If you ever wonder what philosophical questions keep your LSAT instructors awake at night, this one is high up on their list. Why do we even have a February LSAT? There seems to be no point to it. Many consider it the least favorable test administration, a “last resort” for many students applying for admission in the fall of the same year. Clearly, there are a lot of downsides to taking the test in February, which is why you should absolutely, positively try to get ready for December (you have roughly 4 weeks left, so… chop chop!). The downsides to taking the test in February include, but are not limited to:
- Very few top law schools take the results of the February LSAT. Although many schools accept the results of the February LSAT, they often recommend you take an earlier administration in order to maximize your admissions chances.
- Scores typically aren’t available until early March, which means you’re submitting your applications very late in the cycle (which harms not only your admissions chances, but also–and most importantly–your financial aid chances).
- The test is nondisclosed.
- The weather might suck. Testing centers regularly get snowed out, especially if you live on the East Coast.
So, why don’t we all just boycott the February test and have a giant snowball fight instead? It sure sounds more fun. But… here’s why:
From the perspective of test-takers (that is you), a February test is (or should be):
- A chance to take the test when you’re ready. As a general rule, it’s almost always advisable to not take the LSAT until you’re consistently scoring in a range with which you are satisfied. Law school admission is incredibly competitive, so you need to give yourself the best possible chance of attending the best possible school. Which, of course, means that you need to aim for the highest possible score on the LSAT. And if that means waiting until February to take the test, then for most people that’s the right decision.
- One last chance to get the score you need. If you’ve been waitlisted, a significantly higher score in February than in December (4+ points higher) can drastically improve your chances of admission. Even if you don’t know of your impending waitlist status at the time you decide to take the February test, merely suspecting that you could be waitlisted can prove a sufficiently strong motivator. For many students who cannot wait another year to apply to law school, February is their last chance to obtain the score they need, and have it ready for the admissions committee to review it in the nick of time. A June score does not come out until July, which is way too late for the vast majority of schools (yes, some people do get off the waitlist in August, but this is uncommon).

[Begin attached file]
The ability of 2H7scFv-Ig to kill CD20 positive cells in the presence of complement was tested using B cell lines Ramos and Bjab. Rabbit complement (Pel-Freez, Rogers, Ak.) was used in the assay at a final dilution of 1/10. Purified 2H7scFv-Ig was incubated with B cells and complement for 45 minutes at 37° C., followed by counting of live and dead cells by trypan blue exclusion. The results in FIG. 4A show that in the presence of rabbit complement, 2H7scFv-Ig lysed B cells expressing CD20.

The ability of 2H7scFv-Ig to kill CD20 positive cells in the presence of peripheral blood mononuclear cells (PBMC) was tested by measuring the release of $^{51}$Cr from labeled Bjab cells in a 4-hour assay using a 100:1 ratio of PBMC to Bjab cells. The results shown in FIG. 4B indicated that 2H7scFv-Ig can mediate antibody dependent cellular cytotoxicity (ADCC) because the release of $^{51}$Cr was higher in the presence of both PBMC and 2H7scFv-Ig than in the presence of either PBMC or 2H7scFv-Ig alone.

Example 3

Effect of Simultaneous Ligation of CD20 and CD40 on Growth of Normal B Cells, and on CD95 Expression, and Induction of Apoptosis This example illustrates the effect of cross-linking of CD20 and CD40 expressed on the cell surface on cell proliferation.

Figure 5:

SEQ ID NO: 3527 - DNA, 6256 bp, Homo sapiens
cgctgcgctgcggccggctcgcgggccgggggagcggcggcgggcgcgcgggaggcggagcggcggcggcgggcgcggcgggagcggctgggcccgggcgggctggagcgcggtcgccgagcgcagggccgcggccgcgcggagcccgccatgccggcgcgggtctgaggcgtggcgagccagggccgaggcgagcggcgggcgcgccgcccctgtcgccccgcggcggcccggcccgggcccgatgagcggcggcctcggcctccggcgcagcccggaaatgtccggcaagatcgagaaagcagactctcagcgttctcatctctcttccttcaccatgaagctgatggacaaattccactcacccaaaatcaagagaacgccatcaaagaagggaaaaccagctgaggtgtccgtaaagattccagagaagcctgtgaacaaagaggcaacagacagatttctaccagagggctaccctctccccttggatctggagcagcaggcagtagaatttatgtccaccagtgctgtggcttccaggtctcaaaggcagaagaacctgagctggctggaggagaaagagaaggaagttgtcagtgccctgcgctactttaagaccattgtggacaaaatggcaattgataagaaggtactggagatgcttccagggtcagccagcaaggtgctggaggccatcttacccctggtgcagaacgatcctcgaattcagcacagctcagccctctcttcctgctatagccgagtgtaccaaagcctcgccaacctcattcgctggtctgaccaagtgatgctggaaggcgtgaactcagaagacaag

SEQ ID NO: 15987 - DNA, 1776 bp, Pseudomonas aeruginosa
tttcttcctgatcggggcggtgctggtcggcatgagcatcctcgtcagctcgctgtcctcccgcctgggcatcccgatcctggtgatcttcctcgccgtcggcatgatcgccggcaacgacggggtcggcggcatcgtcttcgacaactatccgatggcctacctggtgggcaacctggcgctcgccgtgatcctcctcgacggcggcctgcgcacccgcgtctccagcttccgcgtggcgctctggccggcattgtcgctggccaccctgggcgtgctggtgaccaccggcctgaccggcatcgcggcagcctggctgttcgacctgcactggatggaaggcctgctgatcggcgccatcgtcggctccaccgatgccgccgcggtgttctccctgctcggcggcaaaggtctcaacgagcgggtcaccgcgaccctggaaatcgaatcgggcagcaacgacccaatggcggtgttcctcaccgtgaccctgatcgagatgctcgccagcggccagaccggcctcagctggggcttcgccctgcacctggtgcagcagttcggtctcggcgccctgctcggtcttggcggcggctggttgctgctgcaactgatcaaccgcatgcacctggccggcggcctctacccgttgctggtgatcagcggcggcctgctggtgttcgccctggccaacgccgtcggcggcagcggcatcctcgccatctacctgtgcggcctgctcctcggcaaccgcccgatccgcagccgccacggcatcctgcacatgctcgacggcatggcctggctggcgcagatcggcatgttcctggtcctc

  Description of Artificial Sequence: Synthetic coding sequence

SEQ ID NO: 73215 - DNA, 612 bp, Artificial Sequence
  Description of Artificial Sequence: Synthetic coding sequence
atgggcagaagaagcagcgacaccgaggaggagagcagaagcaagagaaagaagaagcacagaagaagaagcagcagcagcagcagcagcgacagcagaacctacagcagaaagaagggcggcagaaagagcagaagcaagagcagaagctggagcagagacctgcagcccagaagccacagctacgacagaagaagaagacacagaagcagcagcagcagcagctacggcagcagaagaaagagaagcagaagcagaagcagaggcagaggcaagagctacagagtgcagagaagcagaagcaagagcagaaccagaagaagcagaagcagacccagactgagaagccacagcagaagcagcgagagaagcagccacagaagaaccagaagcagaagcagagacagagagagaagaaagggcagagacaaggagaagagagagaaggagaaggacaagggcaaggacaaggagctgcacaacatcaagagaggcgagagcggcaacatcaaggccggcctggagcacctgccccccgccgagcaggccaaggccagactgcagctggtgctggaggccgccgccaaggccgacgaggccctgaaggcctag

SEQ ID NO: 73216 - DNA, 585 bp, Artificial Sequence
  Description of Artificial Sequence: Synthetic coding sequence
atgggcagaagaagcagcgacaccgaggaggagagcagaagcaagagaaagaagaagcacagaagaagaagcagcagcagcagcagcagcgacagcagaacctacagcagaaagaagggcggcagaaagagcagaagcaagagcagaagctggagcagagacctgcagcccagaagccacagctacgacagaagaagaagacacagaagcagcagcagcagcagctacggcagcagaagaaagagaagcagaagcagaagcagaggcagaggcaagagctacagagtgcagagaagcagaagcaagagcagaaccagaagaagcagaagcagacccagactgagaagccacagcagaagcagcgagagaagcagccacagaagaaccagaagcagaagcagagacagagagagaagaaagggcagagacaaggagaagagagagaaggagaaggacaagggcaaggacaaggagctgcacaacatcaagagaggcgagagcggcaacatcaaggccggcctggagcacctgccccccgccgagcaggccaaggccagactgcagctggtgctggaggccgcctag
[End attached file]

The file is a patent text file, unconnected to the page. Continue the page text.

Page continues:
- Not too late (for some schools). For some lower-ranked schools, a February score is not too late: they are perfectly happy to consider it, given the less competitive nature of their admission cycles. Every school is a little different—some schools won’t accept February scores for admission that calendar year, some schools accept it but penalize you in their rolling admissions process, and some accept it without penalty. If you’re considering February, your best bet is to do some research, and potentially contact schools directly and ask.
- Perfectly timed for winter break. Unlike the June or the December administrations, which tend to coincide with the end-of-semester finals at many colleges and universities, a February test is unlikely to compete for your attention with schoolwork. Many students take the opportunity to study during Winter Recess between their Fall and Spring semesters, which usually lasts from Christmas until late January.
The February test doesn’t merely exist to serve your needs, as a test-taker. It’s arguably even more important to those who make the test (aka the Evil Empire “the test makers”). For them, the February administration is…
- An opportunity to use you as a guinea pig. As you know, the February test is nondisclosed. You will never receive a copy of test booklet, and the questions on it will still be considered “live” after the test is over. From LSAC’s perspective, such an administration is an invaluable opportunity to test the logical validity and difficulty level of questions that they might add to certain future tests, such as those being administered abroad, make-up tests for weather cancellations, or tests given to Sabbath observers.
- A chance to take the load off other administrations. Without the February test, the LSAT would be given only three times a year. This would not be enough to meet the demands of the applicant pool world-wide. Granted, the pool has shrunk in recent years, but still… there are over 100,000 people who take the LSAT every year. About 20% of them take it in February: not a small number, when you think about it.
- Somewhat evenly timed between December and June. Given the need to administer the LSAT four times during the year with evenly spaced, 2-to-3-month intervals between any two administrations, a February test makes logical sense. After all, the timing of the remaining three administrations is non-negotiable.
All of these reasons aside, nobody is really a fan of the February administration. But… you gotta do what you gotta do.